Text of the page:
Army Officials Tout Flexible, Fast Acquisition Authorities as Keys to AR Headset Program
Army officials called the development of the headsets a “success story” for overcoming DOD’s valley of death.
The acting secretary of the Army called the service’s project to create augmented reality headsets for combat troops a “success story” made possible by the use of rapid acquisition authorities and the integration of soldier feedback in the development process.
At the end of March, the Army and Microsoft announced two years of work to develop soldier headsets based on the software giant’s HoloLens gaming device would bear fruit: The Army awarded Microsoft a contract worth up to nearly $22 billion to take the Integrated Visual Augmentation System to production. In the press release announcing the award, the Army touted its use of its other transaction authority—which allows for flexible contracting issued outside the Federal Acquisition Regulations—and a “Soldier Centered Design approach.”
John Whitley, acting secretary of the Army, emphasized the importance of these two factors in overcoming what’s known as the valley of death, referring to the time period between when prototypes for the Defense Department are shown to be successful and when those prototypes can receive budgetary support, during a Tuesday appearance on a Center for New American Security webinar.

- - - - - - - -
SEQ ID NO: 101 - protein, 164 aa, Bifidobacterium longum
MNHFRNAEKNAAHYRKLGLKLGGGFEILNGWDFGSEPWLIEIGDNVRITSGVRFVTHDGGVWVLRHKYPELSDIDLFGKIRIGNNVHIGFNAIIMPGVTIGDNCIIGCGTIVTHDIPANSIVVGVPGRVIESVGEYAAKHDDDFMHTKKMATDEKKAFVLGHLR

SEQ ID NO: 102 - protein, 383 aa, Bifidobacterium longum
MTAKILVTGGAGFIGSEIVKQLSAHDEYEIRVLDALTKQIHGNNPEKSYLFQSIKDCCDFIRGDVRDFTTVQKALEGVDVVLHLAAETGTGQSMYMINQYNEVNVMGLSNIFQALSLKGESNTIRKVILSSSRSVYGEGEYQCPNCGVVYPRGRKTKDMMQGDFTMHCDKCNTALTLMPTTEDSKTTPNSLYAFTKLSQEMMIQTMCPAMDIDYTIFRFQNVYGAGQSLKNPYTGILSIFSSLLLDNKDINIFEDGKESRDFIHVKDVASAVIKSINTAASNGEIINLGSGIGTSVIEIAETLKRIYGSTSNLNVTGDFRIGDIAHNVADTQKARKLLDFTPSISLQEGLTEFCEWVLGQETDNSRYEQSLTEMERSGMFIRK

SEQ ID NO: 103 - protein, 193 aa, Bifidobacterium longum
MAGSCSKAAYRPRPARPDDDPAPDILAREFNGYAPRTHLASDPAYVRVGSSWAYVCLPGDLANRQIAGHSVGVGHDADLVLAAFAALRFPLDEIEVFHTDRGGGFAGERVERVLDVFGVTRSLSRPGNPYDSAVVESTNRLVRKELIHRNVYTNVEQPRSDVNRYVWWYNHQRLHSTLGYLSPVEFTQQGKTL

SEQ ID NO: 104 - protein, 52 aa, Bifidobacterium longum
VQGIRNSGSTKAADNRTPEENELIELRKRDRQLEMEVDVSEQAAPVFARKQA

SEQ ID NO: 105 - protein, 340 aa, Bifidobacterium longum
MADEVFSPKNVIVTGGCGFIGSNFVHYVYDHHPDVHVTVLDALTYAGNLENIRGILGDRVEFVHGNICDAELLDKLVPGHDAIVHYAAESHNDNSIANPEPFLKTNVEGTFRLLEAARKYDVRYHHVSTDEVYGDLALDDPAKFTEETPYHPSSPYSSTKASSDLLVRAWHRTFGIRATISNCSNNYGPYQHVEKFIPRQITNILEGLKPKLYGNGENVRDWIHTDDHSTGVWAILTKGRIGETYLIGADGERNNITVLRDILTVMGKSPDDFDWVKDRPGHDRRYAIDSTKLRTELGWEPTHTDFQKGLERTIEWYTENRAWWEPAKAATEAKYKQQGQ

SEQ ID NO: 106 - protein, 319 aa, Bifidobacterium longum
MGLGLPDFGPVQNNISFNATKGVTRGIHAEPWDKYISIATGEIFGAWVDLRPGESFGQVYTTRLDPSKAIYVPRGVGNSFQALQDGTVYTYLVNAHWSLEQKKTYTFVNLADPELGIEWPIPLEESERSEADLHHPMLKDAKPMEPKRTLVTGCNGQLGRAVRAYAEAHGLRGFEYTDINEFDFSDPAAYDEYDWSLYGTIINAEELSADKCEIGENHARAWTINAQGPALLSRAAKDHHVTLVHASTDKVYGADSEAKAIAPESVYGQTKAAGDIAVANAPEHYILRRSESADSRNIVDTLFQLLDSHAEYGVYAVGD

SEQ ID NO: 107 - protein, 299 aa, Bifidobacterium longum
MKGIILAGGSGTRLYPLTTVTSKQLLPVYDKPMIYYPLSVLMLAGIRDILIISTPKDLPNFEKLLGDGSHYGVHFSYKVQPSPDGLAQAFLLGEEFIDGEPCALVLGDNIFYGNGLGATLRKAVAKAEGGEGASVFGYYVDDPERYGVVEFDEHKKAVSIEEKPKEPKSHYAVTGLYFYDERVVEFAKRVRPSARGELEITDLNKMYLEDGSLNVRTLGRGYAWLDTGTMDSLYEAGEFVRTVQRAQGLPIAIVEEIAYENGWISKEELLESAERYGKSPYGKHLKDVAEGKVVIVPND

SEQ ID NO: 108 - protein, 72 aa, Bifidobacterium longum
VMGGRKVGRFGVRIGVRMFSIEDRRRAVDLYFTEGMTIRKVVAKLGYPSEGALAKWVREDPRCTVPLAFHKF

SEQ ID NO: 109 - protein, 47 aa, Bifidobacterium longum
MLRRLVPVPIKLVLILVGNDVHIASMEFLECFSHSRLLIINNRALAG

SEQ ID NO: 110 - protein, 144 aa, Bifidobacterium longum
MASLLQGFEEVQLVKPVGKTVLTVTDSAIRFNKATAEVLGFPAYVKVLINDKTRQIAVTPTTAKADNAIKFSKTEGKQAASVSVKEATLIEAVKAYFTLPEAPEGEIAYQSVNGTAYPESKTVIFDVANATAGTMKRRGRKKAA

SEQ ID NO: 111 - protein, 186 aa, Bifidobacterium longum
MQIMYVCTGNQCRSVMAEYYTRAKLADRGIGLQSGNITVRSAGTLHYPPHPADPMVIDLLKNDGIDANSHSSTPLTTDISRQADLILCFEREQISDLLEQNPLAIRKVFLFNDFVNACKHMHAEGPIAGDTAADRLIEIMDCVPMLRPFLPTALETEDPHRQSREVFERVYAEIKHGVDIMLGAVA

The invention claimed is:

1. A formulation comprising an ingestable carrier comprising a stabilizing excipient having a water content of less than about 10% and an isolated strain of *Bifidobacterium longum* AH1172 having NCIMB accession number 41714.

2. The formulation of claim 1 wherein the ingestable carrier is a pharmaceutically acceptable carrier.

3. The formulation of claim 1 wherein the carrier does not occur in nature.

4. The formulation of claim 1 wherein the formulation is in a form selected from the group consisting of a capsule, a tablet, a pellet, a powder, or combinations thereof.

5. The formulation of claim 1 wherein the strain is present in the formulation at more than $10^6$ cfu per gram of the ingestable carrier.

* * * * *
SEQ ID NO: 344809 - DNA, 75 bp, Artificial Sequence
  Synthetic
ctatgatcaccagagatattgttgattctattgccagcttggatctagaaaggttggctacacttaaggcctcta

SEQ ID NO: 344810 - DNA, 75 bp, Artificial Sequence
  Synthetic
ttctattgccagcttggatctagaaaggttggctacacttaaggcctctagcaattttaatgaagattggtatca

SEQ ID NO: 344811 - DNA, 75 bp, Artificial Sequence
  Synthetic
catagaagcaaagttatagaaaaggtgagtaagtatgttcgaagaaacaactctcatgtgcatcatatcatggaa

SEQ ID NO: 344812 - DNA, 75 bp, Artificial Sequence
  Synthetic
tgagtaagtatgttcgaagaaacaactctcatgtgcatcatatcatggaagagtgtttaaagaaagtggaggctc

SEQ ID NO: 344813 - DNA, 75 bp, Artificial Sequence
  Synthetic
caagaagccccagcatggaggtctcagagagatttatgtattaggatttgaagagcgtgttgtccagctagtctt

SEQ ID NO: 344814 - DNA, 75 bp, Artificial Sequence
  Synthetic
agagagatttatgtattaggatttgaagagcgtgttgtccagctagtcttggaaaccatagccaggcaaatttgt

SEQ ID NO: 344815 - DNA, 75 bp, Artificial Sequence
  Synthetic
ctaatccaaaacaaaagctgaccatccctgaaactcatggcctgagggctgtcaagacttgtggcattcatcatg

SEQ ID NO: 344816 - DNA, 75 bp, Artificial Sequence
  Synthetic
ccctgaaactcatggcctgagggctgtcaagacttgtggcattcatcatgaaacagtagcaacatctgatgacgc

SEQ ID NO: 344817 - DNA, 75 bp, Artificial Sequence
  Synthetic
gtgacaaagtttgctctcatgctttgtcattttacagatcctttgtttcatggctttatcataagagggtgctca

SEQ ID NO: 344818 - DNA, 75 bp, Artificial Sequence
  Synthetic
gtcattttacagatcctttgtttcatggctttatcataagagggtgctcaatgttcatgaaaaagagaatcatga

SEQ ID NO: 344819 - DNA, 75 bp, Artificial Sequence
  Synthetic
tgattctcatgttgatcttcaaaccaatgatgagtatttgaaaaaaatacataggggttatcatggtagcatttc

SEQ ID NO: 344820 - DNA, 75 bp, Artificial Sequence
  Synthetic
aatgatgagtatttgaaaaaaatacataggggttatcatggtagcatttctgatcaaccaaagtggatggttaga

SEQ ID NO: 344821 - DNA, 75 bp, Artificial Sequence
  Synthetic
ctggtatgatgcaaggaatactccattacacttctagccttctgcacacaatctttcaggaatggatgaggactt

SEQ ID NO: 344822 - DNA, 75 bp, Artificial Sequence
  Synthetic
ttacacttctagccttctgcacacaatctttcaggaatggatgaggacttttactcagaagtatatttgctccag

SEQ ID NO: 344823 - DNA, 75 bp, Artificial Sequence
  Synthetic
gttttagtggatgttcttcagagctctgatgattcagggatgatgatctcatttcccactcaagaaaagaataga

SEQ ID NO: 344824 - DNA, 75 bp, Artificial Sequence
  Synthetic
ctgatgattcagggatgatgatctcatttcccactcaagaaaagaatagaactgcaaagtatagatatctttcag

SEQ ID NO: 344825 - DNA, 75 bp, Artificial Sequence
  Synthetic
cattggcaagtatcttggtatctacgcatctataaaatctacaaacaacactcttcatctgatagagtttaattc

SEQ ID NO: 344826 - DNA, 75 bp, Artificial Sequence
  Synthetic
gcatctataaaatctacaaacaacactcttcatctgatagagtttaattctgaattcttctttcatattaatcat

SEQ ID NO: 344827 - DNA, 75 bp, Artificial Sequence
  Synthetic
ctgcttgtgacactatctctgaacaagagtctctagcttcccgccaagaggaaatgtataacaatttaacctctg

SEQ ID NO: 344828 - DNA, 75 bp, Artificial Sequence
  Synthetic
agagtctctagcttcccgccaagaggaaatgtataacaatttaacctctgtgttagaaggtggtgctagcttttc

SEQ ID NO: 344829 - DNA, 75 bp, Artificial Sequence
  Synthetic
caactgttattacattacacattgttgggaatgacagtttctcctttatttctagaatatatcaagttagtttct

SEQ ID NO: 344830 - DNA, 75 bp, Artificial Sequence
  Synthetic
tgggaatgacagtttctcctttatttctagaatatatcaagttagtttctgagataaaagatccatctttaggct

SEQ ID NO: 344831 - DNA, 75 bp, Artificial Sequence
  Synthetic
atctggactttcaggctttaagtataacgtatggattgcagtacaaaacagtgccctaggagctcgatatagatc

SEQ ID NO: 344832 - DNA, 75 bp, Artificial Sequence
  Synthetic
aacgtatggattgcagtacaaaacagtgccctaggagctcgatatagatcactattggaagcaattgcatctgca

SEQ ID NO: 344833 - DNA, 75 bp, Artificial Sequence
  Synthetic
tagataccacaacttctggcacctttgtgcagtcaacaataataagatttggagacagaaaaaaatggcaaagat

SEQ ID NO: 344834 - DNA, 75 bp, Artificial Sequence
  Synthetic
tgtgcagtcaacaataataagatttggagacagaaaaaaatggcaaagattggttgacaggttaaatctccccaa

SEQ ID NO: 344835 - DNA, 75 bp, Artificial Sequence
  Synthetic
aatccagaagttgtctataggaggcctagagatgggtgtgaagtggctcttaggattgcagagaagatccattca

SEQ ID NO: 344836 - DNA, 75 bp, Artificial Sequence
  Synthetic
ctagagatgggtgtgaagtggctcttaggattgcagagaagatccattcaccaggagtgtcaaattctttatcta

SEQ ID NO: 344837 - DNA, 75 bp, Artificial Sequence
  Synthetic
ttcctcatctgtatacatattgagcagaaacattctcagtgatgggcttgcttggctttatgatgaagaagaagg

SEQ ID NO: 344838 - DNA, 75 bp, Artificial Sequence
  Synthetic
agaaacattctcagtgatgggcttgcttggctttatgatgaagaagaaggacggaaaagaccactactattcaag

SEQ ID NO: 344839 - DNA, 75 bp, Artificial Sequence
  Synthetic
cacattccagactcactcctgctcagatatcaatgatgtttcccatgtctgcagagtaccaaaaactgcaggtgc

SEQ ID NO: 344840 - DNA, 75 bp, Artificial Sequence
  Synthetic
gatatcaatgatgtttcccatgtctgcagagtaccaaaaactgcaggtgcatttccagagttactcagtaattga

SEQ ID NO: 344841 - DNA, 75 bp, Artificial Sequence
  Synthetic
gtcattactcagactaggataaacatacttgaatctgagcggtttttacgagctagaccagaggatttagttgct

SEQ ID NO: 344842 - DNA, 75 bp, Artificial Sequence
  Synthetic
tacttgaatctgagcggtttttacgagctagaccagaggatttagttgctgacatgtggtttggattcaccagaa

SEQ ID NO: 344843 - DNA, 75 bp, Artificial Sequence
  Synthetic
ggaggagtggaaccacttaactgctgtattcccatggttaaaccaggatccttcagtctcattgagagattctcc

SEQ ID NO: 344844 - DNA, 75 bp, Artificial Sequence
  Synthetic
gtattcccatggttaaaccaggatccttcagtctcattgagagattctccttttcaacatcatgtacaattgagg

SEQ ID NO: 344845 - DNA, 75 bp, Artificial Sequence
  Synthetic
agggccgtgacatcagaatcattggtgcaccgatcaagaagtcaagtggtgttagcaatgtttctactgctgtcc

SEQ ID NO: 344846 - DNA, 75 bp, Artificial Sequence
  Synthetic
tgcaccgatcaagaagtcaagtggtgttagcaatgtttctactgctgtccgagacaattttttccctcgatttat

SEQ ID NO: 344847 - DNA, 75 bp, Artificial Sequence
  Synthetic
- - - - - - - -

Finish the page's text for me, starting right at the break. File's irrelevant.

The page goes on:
Whitley pointed to the OT, the ability to have Microsoft work “hand in glove with soldiers,” and the ability to partner with a nontraditional defense contractor in the first place as keys to the success of the IVAS program. OTs have grown in popularity in recent years, particularly for technology acquisitions and for facilitating work with nontraditional defense contractors, though a recent audit revealed problems with OTs awarded through consortia.
During the same panel, Gen. John Murray, commanding general of Army Futures Command, added development of the IVAS solution was done in three-week sprints. This allowed engineers to continuously get more feedback from soldiers, primarily soldiers at Joint Base Lewis-McChord, where IVAS was designed and built.
Murray added there is no final requirement document for IVAS, creating the ability to “learn as you go along.”
“Once we understand what's possible from a technology standpoint is when we lock the requirements document down and know what we want to look like going into final production,” Murray said.
Right now, Murray said, the Army has a limited understanding of the IVAS technology’s potential. The IVAS headsets are currently slated to deliver “next-generation night vision and situational awareness capabilities,” according to the Army’s press release announcing the production contract award.
“You can imagine, you know, augmented reality, virtual reality, you can imagine soldiers sitting in back of a combat vehicle and it’s like the armor is not even there,” Murray said. “It's just some cameras on the outside of the vehicle to allow that to happen. And so I think there's all kinds of potential in terms of IVAS, specifically, that we haven't even begun to scratch the potential yet.”